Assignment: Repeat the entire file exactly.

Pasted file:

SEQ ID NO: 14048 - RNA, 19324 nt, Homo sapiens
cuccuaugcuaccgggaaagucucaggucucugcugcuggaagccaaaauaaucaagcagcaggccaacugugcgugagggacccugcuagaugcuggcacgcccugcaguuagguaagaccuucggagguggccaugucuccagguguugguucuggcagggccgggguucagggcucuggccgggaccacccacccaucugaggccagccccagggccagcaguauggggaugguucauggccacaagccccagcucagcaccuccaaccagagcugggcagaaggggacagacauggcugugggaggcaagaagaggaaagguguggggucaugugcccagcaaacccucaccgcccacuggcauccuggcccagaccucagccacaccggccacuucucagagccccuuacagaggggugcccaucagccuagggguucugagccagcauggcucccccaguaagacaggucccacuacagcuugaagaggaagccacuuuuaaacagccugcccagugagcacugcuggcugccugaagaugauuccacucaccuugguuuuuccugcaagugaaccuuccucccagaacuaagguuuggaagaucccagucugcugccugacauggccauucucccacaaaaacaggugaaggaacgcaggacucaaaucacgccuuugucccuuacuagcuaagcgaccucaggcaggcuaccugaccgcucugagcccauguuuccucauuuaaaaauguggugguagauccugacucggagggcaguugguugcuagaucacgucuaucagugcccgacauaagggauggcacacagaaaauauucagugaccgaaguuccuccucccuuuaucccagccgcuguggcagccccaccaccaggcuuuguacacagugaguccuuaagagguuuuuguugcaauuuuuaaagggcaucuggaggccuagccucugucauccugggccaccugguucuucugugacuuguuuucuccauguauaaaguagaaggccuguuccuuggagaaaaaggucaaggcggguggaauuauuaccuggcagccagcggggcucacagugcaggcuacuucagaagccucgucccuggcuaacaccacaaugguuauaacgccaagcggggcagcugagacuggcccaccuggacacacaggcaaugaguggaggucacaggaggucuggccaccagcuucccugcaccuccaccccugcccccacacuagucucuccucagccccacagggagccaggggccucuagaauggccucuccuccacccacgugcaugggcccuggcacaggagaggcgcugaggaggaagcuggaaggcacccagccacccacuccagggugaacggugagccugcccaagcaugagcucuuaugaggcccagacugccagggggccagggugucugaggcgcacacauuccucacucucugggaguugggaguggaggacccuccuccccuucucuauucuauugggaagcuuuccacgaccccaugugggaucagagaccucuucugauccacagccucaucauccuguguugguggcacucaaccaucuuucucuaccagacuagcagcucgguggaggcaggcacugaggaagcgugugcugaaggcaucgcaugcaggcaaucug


SEQ ID NO: 14048 - RNA, 19324 nt, Homo sapiens
cuccuaugcuaccgggaaagucucaggucucugcugcuggaagccaaaauaaucaagcagcaggccaacugugcgugagggacccugcuagaugcuggcacgcccugcaguuagguaagaccuucggagguggccaugucuccagguguugguucuggcagggccgggguucagggcucuggccgggaccacccacccaucugaggccagccccagggccagcaguauggggaugguucauggccacaagccccagcucagcaccuccaaccagagcugggcagaaggggacagacauggcugugggaggcaagaagaggaaagguguggggucaugugcccagcaaacccucaccgcccacuggcauccuggcccagaccucagccacaccggccacuucucagagccccuuacagaggggugcccaucagccuagggguucugagccagcauggcucccccaguaagacaggucccacuacagcuugaagaggaagccacuuuuaaacagccugcccagugagcacugcuggcugccugaagaugauuccacucaccuugguuuuuccugcaagugaaccuuccucccagaacuaagguuuggaagaucccagucugcugccugacauggccauucucccacaaaaacaggugaaggaacgcaggacucaaaucacgccuuugucccuuacuagcuaagcgaccucaggcaggcuaccugaccgcucugagcccauguuuccucauuuaaaaauguggugguagauccugacucggagggcaguugguugcuagaucacgucuaucagugcccgacauaagggauggcacacagaaaauauucagugaccgaaguuccuccucccuuuaucccagccgcuguggcagccccaccaccaggcuuuguacacagugaguccuuaagagguuuuuguugcaauuuuuaaagggcaucuggaggccuagccucugucauccugggccaccugguucuucugugacuuguuuucuccauguauaaaguagaaggccuguuccuuggagaaaaaggucaaggcggguggaauuauuaccuggcagccagcggggcucacagugcaggcuacuucagaagccucgucccuggcuaacaccacaaugguuauaacgccaagcggggcagcugagacuggcccaccuggacacacaggcaaugaguggaggucacaggaggucuggccaccagcuucccugcaccuccaccccugcccccacacuagucucuccucagccccacagggagccaggggccucuagaauggccucuccuccacccacgugcaugggcccuggcacaggagaggcgcugaggaggaagcuggaaggcacccagccacccacuccagggugaacggugagccugcccaagcaugagcucuuaugaggcccagacugccagggggccagggugucugaggcgcacacauuccucacucucugggaguugggaguggaggacccuccuccccuucucuauucuauugggaagcuuuccacgaccccaugugggaucagagaccucuucugauccacagccucaucauccuguguugguggcacucaaccaucuuucucuaccagacuagcagcucgguggaggcaggcacugaggaagcgugugcugaaggcaucgcaugcaggcaaucug